UCA News
Contribute

Indonesian youths plant trees to protect environment

Interfaith group seek to prevent landslides, retain water at natural sources
Indonesian youths plant trees to protect environment

The Suburban Interfaith Youth Community of Kupang plant 500 saplings of mahogany in Naitoto, where a spring is located, on Feb. 3. (Photo supplied by Maks Tameno)

 

Published: February 14, 2018 05:37 AM GMT
Updated: February 14, 2018 05:40 AM GMT

More than 50 people calling themselves the Suburban Interfaith Youth Community of Kupang in Indonesia's predominantly Christian East Nusa Tenggara province have planted 2,000 saplings so far this year to help protect the environment.

The young people representing Buddhism, Catholicism, Hinduism, Islam and Protestantism as well as young policemen and military personnel planted 1,000 mahogany and rain tree saplings Feb. 10-11 near a newly constructed bridge in the provincial capital Kupang

Community members as well as the local forestry department provided the saplings.  

"Construction of the bridge left the land around it empty. We want to prevent any possible landslides," Maks Tameno, the community's coordinator, told ucanews.com on Feb. 14.

Earlier, on Feb. 3, the community planted 500 mahogany saplings in nearby town of Naitoto, where a natural spring is located. "The spring serves as water source of local people. We want to prevent it from drying up," he said.

In late January, the community planted 500 mahogany and rain tree saplings along a river in Belo on the outskirts of Kupang. "At least 120 families live close to the riverbanks. Heavy rains can cause landslides there," Tameno said.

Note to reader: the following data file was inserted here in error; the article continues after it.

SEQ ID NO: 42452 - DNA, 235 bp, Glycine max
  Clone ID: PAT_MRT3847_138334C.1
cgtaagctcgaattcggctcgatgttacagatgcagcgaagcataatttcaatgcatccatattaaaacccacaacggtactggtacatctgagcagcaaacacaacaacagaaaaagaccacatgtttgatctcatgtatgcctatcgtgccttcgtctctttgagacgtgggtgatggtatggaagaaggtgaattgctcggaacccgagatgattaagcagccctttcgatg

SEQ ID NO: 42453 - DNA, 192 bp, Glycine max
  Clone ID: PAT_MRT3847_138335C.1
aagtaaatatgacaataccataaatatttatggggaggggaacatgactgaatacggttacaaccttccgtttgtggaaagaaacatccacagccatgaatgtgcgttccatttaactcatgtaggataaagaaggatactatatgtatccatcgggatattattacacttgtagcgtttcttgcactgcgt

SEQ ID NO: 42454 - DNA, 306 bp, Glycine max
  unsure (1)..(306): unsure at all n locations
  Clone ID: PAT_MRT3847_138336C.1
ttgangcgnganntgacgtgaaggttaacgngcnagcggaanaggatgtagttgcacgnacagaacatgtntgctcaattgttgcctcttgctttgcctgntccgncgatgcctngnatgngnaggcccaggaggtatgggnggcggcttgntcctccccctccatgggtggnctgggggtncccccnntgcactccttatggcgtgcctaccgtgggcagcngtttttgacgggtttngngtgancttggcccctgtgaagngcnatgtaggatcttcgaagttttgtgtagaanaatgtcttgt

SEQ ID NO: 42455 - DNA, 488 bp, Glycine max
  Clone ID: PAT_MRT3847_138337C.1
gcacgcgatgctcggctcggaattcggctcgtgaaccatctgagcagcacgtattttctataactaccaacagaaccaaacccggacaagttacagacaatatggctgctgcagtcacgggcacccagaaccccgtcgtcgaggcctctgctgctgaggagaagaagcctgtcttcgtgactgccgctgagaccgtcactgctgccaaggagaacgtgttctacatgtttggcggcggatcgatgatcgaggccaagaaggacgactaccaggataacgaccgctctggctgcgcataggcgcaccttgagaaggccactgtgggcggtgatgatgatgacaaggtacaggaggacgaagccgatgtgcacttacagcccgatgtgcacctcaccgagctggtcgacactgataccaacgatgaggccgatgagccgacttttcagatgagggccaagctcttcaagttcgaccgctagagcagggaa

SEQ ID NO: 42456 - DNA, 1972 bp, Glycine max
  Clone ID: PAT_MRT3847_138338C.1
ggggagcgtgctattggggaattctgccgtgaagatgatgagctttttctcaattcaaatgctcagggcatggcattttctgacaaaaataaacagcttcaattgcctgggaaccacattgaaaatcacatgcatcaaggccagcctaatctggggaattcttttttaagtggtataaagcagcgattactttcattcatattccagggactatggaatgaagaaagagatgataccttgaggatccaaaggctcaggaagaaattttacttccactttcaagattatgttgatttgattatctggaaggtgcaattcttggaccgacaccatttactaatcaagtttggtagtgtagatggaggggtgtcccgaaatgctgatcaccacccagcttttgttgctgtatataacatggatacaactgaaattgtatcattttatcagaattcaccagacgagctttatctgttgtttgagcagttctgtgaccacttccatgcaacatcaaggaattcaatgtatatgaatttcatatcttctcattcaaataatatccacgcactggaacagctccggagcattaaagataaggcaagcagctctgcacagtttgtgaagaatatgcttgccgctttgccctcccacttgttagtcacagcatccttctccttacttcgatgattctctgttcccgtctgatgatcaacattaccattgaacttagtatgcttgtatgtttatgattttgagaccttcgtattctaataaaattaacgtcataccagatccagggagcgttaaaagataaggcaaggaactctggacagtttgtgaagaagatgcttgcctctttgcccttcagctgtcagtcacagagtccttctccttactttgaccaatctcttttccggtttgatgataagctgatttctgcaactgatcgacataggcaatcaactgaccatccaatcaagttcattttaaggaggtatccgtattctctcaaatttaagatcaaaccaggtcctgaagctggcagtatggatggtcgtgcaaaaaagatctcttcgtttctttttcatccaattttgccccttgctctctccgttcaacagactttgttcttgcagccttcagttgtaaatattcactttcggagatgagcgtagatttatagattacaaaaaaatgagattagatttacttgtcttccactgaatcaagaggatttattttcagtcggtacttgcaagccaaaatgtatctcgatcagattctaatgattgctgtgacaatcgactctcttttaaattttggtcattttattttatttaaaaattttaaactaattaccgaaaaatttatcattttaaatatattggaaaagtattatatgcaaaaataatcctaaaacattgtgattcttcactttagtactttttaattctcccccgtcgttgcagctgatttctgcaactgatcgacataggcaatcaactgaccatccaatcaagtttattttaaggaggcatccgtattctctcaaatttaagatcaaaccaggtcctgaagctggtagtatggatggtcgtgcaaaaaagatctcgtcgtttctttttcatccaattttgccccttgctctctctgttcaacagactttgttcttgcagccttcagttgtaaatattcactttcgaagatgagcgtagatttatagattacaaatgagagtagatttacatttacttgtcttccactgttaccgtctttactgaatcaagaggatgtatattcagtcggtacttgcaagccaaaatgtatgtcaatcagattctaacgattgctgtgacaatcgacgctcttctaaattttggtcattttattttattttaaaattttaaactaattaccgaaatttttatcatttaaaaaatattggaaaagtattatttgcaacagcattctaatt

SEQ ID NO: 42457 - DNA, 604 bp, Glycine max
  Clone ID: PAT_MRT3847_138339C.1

In the near future, he said the community will cultivate unused land in the province and drill a well in Belo.
 

Help UCA News to be independent
Dear reader,
Trafficking is one of the largest criminal industries in the world, only outdone by drugs and arms trafficking, and is the fastest-growing crime today.
Victims come from every continent and are trafficked within and to every continent. Asia is notorious as a hotbed of trafficking.
In this series, UCA News introduces our readers to this problem, its victims, and the efforts of those who shine the light of the Gospel on what the Vatican calls “these varied and brutal denials of human dignity.”
Help us with your donations to bring such stories of faith that make a difference in the Church and society.
A small contribution of US$5 will support us continue our mission…
William J. Grimm
Publisher
UCA News
Asian Bishops
Latest News
UCA News Catholic Dioceses in Asia
UCA News Catholic Dioceses in Asia
UCA News Catholic Dioceses in Asia